December 26, 2019

Roku Express 3930R

I "cut the cord" (well, canceled my Dish account when TV Japan jumped to DirecTV at almost twice the cost) eighteen months ago. Sure, you could pay me to sign up for DirecTV (DirecTV has the best full-fledged Japanese language package), but short of that unlikely event, I'll stick with streaming. My technology of choice is the Roku platform.

Any set-top box I use must work with an inexpensive programmable or pre-programmed IR remote (a feature that rules out the Fire TV). I have no plans of getting a television with higher than 1080p resolution anytime soon, so for the last year and a half I had been using a Roku Express 3900X.

It was not without glitches. The 3900X always reported Wi-Fi signal strength as "Poor" (-80 dBm) even when a Wi-Fi analyzer next to it never dropped below -50 dBm on a clear channel (full signal strength). When testing the connection, the Roku often reported there was no connection at all. Strangely enough, this didn't seem to affect actual performance.

I might have seen more problems crop up at native resolutions higher than 720p. Subsequent firmware updates didn't help, so the glitch was likely in the hardware. At the time, similar complaints showed up in tech forums, so it wasn't just me. The common conclusion was a manufacturing defect with the antenna.

But it hobbled along well enough to keep using for the past eighteen months. Still, while I usually forswear upgrading a device that more or less works simply for the sake of upgrading, when the new Roku Express 3930R went on sale, I figured it was worth paying $24.99 to answer the question.

Well, whatever the glitch was, it's fixed. The 3930R consistently reports an "Excellent" Wi-Fi signal at -40 dBm. That's loud and clear.

I described the 3900X as half the size of a pack of playing cards. The 3930R is a bit smaller and squarer, with the edges rounded rather like a computer mouse. It's a more aesthetically pleasing design, though it's so small it's hard to even notice except when the little blue power light is on.

I like the simplicity of Roku's "Windows 8" style interface. Nine icons fit on the home screen so that's what I limit my options to. For me, a big advantage of streaming is leaving behind the "traditional" MVPD model (Multichannel Video Programming Distributor) and its endlessly scrolling program guides, not replicating the same old with a virtual MVPD.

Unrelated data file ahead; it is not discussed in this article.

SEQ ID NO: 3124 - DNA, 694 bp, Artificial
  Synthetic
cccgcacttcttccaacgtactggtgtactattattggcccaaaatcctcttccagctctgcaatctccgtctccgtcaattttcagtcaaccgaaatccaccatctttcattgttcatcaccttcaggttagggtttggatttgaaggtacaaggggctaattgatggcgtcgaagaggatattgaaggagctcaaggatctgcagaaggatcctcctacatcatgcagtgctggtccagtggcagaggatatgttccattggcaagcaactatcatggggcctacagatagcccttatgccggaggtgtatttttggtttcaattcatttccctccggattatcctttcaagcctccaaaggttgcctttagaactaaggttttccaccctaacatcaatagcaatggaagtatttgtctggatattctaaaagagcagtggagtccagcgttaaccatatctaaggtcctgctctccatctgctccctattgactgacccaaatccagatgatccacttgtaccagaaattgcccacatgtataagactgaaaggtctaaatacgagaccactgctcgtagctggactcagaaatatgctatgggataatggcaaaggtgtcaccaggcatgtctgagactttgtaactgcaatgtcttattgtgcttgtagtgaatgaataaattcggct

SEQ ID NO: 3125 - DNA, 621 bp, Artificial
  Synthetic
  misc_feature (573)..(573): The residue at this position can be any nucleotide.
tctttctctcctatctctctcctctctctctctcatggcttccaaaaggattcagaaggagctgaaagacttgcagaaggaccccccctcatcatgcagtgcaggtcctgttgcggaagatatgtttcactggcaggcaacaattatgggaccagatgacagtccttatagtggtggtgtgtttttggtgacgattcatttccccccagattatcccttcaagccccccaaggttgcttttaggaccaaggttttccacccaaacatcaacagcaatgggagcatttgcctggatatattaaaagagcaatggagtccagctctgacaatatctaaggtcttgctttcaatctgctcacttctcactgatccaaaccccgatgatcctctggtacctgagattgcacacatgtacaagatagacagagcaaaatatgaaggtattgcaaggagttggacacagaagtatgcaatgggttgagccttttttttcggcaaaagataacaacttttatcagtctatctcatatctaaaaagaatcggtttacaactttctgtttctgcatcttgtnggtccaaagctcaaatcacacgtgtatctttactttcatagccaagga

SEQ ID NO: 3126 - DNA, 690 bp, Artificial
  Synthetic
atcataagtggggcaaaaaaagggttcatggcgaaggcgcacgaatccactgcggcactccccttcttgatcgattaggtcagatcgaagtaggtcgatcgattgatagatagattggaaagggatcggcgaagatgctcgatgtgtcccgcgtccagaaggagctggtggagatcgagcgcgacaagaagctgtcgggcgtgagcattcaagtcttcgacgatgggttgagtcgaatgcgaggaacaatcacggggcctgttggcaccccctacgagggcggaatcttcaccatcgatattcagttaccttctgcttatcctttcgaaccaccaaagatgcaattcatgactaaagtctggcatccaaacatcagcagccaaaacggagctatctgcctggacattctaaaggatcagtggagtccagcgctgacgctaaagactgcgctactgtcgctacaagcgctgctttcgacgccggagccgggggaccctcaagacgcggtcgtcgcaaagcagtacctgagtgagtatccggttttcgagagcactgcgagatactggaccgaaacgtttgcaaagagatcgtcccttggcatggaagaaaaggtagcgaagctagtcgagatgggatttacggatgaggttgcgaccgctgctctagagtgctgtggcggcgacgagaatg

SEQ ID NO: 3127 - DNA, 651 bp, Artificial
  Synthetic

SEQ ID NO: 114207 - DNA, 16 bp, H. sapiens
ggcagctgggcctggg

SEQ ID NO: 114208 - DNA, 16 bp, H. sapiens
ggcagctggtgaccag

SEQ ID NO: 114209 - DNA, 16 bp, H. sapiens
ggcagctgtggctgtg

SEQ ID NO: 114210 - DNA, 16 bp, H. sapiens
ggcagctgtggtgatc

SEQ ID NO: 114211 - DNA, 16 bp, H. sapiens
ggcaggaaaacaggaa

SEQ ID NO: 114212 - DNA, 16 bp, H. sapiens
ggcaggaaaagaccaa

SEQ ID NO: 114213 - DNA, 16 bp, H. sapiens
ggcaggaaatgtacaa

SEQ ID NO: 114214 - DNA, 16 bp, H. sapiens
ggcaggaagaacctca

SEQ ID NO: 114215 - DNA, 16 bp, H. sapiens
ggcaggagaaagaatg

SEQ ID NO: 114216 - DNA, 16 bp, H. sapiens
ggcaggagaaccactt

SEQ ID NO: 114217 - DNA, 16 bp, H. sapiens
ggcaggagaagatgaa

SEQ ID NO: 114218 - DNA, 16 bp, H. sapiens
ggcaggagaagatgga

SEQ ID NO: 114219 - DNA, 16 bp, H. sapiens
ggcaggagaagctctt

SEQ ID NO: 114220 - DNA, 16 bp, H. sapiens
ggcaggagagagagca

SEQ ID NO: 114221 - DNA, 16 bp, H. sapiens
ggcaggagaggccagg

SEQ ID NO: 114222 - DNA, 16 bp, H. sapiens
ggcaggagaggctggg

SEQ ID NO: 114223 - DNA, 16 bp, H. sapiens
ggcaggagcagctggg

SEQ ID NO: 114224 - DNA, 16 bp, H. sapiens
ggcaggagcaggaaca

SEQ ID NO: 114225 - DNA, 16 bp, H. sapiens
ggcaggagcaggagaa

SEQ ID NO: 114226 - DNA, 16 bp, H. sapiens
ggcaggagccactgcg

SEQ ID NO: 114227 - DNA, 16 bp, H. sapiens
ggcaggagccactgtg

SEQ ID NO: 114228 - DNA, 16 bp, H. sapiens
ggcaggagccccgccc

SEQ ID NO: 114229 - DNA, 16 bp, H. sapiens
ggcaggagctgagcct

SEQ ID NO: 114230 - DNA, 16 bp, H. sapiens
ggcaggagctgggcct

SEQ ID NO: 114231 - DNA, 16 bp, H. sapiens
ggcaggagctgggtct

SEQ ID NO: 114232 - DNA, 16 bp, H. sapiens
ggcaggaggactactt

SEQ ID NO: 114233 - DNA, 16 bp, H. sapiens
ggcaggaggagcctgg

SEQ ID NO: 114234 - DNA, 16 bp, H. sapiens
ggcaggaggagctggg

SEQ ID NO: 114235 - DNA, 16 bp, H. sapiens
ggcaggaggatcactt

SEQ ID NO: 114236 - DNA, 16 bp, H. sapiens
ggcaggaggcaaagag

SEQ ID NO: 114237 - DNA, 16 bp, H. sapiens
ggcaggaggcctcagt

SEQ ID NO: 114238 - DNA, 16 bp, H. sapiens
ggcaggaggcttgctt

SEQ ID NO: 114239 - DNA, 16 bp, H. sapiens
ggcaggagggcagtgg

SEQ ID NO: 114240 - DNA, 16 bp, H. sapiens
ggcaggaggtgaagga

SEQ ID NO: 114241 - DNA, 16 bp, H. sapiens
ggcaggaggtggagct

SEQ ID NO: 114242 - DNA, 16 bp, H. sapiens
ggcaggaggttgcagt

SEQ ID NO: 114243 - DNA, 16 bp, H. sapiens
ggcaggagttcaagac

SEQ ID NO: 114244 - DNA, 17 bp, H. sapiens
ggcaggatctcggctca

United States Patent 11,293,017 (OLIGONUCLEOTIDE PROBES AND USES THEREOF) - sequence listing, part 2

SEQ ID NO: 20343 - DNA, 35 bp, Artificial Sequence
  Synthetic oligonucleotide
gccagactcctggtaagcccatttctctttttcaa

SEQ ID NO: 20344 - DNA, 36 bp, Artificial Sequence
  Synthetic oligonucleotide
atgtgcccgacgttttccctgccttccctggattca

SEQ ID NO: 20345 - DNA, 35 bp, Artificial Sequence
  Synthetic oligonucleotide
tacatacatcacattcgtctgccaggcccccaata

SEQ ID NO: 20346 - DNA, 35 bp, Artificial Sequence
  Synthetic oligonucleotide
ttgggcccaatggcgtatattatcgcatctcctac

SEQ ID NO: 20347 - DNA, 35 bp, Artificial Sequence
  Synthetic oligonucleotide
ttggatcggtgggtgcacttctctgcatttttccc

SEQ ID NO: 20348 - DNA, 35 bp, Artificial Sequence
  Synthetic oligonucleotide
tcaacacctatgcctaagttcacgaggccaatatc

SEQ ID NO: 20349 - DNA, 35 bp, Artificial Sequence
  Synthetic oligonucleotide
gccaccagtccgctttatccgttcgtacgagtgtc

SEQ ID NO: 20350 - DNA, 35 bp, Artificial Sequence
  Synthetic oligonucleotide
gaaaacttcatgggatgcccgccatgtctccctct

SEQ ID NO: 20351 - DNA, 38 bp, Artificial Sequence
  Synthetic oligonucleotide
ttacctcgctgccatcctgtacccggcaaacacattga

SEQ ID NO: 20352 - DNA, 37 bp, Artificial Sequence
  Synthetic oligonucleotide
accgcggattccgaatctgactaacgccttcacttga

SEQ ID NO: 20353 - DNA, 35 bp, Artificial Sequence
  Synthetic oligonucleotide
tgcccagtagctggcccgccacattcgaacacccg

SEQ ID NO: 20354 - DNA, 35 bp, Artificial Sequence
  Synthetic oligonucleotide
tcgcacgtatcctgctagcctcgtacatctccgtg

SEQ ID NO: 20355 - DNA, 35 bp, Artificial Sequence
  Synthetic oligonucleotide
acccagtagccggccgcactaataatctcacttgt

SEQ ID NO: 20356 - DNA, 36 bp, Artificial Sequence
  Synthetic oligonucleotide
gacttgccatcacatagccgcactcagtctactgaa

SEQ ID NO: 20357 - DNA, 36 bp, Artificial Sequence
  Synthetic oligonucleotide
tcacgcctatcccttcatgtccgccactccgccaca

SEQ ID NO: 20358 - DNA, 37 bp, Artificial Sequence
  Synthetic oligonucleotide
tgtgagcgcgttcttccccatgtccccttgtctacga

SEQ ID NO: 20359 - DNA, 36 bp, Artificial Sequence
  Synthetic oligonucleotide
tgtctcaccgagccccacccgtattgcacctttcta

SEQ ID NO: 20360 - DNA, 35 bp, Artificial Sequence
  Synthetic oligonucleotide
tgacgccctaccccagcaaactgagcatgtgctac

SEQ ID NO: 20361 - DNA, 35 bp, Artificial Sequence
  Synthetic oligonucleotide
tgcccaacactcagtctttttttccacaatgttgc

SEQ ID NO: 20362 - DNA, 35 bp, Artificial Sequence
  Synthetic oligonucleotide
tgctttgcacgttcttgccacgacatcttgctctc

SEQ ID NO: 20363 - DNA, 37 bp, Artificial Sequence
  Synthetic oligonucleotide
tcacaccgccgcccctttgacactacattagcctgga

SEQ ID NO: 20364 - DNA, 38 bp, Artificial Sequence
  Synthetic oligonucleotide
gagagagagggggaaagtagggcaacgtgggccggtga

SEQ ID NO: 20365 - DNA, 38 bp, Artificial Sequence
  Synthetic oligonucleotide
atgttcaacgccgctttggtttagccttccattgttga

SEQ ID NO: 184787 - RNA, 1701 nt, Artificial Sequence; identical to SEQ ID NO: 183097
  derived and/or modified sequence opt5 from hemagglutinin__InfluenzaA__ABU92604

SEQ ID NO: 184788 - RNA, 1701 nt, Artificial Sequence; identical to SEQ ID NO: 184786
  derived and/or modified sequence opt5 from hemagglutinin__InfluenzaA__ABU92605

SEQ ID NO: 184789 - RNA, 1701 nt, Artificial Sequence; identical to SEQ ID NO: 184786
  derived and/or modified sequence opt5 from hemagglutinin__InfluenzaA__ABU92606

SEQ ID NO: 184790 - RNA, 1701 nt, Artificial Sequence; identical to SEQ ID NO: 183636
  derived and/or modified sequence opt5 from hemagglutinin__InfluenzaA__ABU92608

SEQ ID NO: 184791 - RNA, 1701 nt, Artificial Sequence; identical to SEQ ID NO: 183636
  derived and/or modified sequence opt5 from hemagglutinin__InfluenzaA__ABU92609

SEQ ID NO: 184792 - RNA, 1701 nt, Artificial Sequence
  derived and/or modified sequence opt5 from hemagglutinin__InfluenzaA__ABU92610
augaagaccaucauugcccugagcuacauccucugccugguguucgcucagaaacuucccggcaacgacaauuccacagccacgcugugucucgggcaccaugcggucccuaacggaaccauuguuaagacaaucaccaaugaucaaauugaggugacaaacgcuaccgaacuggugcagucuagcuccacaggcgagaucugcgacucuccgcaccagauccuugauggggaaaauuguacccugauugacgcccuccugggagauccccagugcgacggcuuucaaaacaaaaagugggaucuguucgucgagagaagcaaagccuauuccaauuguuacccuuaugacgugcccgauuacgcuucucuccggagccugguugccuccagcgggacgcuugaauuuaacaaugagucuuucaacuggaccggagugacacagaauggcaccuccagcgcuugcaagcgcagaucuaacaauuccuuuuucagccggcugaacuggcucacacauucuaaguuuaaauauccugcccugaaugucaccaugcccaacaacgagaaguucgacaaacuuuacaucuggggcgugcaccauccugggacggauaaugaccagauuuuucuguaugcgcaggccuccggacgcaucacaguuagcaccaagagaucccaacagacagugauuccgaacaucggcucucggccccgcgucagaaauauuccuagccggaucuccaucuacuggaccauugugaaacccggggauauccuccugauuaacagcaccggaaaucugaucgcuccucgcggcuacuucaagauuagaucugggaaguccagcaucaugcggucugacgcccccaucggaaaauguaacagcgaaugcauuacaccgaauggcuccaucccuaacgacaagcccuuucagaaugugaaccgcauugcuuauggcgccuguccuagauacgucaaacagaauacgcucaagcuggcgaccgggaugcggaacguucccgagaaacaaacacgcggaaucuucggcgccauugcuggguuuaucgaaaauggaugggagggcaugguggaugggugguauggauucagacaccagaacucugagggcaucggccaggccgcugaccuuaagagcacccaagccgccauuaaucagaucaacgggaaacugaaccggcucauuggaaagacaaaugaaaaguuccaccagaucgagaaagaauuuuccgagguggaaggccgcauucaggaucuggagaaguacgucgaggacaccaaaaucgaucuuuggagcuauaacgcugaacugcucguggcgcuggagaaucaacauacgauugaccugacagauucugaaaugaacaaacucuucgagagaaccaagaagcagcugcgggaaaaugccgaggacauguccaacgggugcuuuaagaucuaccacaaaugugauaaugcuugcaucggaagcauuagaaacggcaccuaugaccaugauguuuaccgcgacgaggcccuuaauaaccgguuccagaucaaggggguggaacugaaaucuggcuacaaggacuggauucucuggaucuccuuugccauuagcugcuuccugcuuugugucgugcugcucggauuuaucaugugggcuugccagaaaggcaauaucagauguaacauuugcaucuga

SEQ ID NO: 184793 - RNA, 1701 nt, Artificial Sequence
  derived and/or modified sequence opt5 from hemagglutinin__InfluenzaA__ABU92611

Related posts

The streaming chronicles
Japanese media update

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December 12, 2019

The magic mirror

Illustration by Kyosai Kawanabe.
(1831-1889). In chapter 5 of The Space Alien, Kitamura-san describes a piece of mind-reading alien technology as a "magic mirror."

At first glance, it looked like a round silver metal tray. When I brought my face closer to it, I did not see my reflection as in a typical mirror, but a reflection of my mind. The thoughts of the person holding the mirror are displayed like a photograph on the surface of the silver plate. In short, a movie of the mind.

This "magic mirror" bears a strong resemblance to the jouharikyou (浄玻璃鏡) in Buddhist mythology, commonly translated as "Enma's Mirror of Judgment" or the "Mirror of Karma."

Enma (閻魔), commonly known outside Japan as "Yama," is the Ruler of Hell. Enma is a wrathful god who judges the dead. But unlike Saint Peter, he stands at the gates of Hell, where he decides which of the six paths in the eternal cycle of death and rebirth (samsara) the recently deceased will take.

One of the tools Enma uses when passing judgment is a mirror. Wrote the poet Kobayashi Issa (courtesy David Lanoue, edited for syllable count), perhaps referring to Issa's habit of "stealing" flowers from the gardens of his neighbors,

In Enma's mirror
shines back a reflection of
the plum blossom thief

This "magic mirror" reflects the deeds and true nature of those who stand before Enma, such that they cannot deny the verdict he hands down.

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December 05, 2019

A green light (for pedestrians)

I mentioned hassha tunes last week. These are the melodies played on train platforms in Japan that signal a train's departure. It's a nice way to hurry people along without ringing a loud bell or blaring a klaxon.

These tunes are particular to the train line and the station. A more universal melodic alarm is played at crosswalks to indicate when pedestrians have the right of way. Japanese are not ones to cross against the light.

Toryanse (通りゃんせ) is a traditional Japanese nursery rhyme (comparable to London Bridge is Falling Down). If you spend any amount of time in Japan, you will hear it. A lot. That pentatonic scale will soak into your brain.

Here is a vocal rendition of the traditional song.

If that's not melancholy enough, here is the actual MIDI melody that is played at crosswalks. Think of it as a kind of mental cattle prod to herd you out of harm's way before the light changes. Very Pavlovian, me thinks.

This crosswalk in Mitaka in Tokyo alternates Toryanse with the cheerier Comin' Thro' the Rye (which in Japan is well known as "The Sky over My Home Town").

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